I wasn't sure how large he would turn out to be, and this made me a little nervous. I wanted him to be bold enough to display well, but he should also be a cat that could be believable with Alice's size. He turned out to be 3 1/2" long and 2 1/2" high.
Lesley was highly instrumental with her encouragement, from afar, as I grumped and complained and almost gave up on him. Sculpting is very new to me and trying to make 2D into 3D takes more than just studying a picture. I began to look at my own cat, who happens to be named Alice, in a different light. She will attest to my cupping her head and staring into her eyes, studying the contours of her body from all angles as she lay in cat poses, and generally being a nuisance around her.
What makes the Cheshire Cat who he is, is primarily his human teeth baring grin. So making teeth was the first thing I worked intently on. I won't go into how to needle felt and all the techniques you need to learn and employ, or simply make up as you go along, which is half of what I do, but its an art all by itself.
The eyes were giving me trouble. I was advised that the white, the cornea, should first be made, but cat's don't show their cornea. Again, Alice had to put up with me gently pulling at the corners of her eyes to see more of their structure. Poor kitty. The shape of the cat's eyes are formed by the outer skin at the edges. They do indeed have corneas, you just can't see them. You see solid, luminescent color side to side. But, after failing the first attempt at them, I did as I was told and put them in the dark wool lined sockets I made, then covered them with the blue of his eyes. While you cannot see it, there is pink in the corners near the nose. The highlighting was the hardest and I worked at those white highlights for over an hour. You're using the tiniest bit of fuzzy wool and trying to make it a solid shape.
As much as I was nervous about adding the stripes, this was probably the easiest part of him. You do have to be careful because if you poke the wool the wrong way, it will sink into the shape and not lay on it. I had purchased a reverse needle and thought I'd try working with it. Reverse needles pull wool out of the blob of felted wool. What I did was just pick a the edges of the stripes here and there along their line to produce some "fluff" I could smooth over. This allowed the stripes to not look like "lines". Curving them to the contours of his body also made for a more natural look.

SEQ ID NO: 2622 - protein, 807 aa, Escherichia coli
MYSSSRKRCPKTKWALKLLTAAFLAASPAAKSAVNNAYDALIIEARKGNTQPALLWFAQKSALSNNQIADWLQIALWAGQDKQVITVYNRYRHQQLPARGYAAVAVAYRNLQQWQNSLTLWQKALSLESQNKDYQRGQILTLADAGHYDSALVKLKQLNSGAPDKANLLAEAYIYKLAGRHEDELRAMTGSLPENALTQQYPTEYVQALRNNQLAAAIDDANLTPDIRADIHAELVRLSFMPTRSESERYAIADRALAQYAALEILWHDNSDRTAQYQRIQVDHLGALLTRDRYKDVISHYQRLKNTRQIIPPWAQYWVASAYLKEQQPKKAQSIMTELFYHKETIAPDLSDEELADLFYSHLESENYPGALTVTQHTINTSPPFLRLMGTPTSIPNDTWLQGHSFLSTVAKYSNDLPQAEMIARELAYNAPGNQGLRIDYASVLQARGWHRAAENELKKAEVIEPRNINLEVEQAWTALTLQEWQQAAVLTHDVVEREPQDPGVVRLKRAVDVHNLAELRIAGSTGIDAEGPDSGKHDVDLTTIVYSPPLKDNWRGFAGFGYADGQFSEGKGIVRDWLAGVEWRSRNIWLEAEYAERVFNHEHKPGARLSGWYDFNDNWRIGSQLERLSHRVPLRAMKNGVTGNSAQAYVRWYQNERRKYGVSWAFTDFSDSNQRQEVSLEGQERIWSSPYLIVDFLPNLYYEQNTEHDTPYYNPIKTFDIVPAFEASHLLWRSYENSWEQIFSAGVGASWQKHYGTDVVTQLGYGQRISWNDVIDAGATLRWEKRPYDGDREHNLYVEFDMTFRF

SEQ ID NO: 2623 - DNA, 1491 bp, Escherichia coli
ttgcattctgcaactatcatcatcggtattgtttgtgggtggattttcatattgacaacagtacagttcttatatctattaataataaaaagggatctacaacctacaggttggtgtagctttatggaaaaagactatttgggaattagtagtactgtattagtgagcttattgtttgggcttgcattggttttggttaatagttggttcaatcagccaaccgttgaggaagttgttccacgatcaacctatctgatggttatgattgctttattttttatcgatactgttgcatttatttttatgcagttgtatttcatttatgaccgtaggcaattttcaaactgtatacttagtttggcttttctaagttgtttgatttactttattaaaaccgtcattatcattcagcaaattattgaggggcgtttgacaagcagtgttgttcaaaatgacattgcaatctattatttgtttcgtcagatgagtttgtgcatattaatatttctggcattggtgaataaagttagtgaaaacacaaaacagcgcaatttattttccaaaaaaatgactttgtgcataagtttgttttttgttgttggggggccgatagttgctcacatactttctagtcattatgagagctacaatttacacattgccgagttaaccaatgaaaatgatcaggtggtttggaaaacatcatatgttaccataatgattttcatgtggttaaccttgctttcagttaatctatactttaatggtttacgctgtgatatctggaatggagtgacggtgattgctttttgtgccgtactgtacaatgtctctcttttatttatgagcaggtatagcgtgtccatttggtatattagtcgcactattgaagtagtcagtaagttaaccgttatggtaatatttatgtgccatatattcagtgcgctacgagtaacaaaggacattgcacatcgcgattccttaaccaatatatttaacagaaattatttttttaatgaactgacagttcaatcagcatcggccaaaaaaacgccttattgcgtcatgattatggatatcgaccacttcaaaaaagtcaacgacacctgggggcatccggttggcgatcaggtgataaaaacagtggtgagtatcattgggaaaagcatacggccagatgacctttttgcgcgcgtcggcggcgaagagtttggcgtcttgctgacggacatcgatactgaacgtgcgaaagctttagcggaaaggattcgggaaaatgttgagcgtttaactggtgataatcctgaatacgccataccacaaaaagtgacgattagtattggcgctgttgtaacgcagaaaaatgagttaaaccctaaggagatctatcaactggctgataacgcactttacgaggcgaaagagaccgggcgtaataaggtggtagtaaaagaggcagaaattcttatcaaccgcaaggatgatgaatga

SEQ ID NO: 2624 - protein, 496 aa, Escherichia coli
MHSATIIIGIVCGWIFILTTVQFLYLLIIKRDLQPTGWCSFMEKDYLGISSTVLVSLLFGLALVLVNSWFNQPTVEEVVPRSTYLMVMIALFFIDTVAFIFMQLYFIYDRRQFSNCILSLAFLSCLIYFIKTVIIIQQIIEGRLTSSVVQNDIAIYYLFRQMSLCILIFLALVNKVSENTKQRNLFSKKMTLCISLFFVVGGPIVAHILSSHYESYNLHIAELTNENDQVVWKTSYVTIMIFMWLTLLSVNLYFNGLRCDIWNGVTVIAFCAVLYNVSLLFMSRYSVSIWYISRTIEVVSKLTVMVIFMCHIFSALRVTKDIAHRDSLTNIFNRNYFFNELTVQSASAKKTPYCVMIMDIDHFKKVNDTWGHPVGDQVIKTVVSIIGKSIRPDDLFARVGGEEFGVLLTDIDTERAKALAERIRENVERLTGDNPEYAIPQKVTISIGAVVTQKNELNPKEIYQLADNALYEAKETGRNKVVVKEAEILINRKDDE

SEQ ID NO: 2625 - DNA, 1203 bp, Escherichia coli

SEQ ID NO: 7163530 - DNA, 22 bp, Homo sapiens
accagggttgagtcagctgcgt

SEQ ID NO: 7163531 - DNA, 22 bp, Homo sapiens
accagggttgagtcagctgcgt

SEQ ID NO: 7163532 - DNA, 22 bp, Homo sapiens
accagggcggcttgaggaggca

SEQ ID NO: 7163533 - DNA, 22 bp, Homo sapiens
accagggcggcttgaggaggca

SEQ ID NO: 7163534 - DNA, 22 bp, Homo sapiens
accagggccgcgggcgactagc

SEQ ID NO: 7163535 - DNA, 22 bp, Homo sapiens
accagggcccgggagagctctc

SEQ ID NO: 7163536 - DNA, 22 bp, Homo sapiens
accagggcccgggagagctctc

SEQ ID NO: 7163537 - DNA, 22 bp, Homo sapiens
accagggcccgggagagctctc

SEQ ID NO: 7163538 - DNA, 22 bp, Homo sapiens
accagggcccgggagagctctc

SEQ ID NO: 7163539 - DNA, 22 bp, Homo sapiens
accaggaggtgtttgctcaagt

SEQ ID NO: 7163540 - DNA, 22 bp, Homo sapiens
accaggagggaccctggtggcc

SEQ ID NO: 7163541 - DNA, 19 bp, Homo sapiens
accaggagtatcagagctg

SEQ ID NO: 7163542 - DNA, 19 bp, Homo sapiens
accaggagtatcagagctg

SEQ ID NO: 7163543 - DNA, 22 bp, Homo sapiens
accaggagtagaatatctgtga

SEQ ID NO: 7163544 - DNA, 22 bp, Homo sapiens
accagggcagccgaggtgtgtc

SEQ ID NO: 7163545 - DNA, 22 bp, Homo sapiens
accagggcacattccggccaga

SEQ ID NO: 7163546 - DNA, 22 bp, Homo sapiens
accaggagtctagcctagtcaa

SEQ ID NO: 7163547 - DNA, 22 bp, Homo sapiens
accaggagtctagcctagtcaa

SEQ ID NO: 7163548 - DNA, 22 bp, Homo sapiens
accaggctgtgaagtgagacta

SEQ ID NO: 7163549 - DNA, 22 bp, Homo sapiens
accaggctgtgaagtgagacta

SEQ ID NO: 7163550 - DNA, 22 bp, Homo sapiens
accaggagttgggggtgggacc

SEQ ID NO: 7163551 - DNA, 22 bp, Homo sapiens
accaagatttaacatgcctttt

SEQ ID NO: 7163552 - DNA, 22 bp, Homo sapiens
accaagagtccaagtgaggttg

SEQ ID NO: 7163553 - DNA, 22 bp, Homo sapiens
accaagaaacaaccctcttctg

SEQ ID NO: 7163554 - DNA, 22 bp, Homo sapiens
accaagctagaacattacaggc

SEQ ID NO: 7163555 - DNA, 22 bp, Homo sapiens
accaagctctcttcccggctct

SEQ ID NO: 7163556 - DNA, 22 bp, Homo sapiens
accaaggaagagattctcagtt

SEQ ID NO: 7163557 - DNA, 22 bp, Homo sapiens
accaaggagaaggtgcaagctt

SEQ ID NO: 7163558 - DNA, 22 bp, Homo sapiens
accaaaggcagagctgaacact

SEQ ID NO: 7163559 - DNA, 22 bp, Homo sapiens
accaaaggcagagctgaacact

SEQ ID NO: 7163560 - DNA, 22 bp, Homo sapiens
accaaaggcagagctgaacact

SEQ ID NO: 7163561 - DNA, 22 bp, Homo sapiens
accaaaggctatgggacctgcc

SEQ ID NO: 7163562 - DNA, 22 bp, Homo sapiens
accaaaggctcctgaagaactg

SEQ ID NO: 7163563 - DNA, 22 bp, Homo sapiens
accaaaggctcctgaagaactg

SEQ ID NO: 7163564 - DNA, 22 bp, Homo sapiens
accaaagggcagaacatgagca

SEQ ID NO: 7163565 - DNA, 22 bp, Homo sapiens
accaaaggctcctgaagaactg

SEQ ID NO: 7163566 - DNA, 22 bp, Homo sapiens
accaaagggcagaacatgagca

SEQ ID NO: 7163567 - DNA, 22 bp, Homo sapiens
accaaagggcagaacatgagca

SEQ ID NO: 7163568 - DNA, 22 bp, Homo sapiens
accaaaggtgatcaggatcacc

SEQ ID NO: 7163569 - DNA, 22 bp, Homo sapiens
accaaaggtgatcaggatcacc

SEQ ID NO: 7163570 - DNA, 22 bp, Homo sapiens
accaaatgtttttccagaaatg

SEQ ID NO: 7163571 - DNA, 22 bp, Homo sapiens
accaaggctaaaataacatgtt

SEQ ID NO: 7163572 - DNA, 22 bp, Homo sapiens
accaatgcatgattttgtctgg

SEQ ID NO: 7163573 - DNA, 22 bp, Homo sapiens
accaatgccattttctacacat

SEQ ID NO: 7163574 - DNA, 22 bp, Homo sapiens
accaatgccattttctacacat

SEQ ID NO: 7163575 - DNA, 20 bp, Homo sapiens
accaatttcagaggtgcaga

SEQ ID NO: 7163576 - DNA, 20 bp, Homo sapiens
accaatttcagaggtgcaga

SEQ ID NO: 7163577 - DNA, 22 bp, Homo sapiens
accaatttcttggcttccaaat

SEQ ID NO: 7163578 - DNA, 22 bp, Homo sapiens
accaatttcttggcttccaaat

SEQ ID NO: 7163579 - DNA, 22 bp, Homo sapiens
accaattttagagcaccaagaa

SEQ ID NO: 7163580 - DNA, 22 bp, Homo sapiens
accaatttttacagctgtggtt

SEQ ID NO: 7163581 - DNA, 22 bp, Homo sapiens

Lastly, Alice needed her skipping rope for after school play. Michaels now carries a heavier cord in their beading department, and I trimmed the "handles" with red duct tape. Seriously. They sell colored duct tape now. I do not feel the slightest bit bad about not hand carving handles for the skipping rope. I put enough effort into this costume to call it DONE. But, I guess the cummerbund issue was not resolved yet. So yesterday I made a new one and this time machine stitched the lines in an apple green color. I can confidently call it a quilted cummerbund. And, why not? Who's to say what the artist had intended. This is what we call "artistic license", and I'm happy with the finished product. Its not bulky, its far more slimming, and looks like the illustration. The cummerbund is lined in apple green silk.
I'm very excited about Peck Aubry's work with paper dolls, and my next big project will be a year long one, as I bring his Mary Lennox of The Secret Garden to life. My intention is to create all her colored dresses from the paper doll set, and she'll even get a tiny needle felted robin. For those of you who aren't familiar with this children's classic, Mary Lennox was led by the robin to the gate in the stone wall that opened to the secret garden.
Wishing you all a perfect end to January and a bright and colorful February.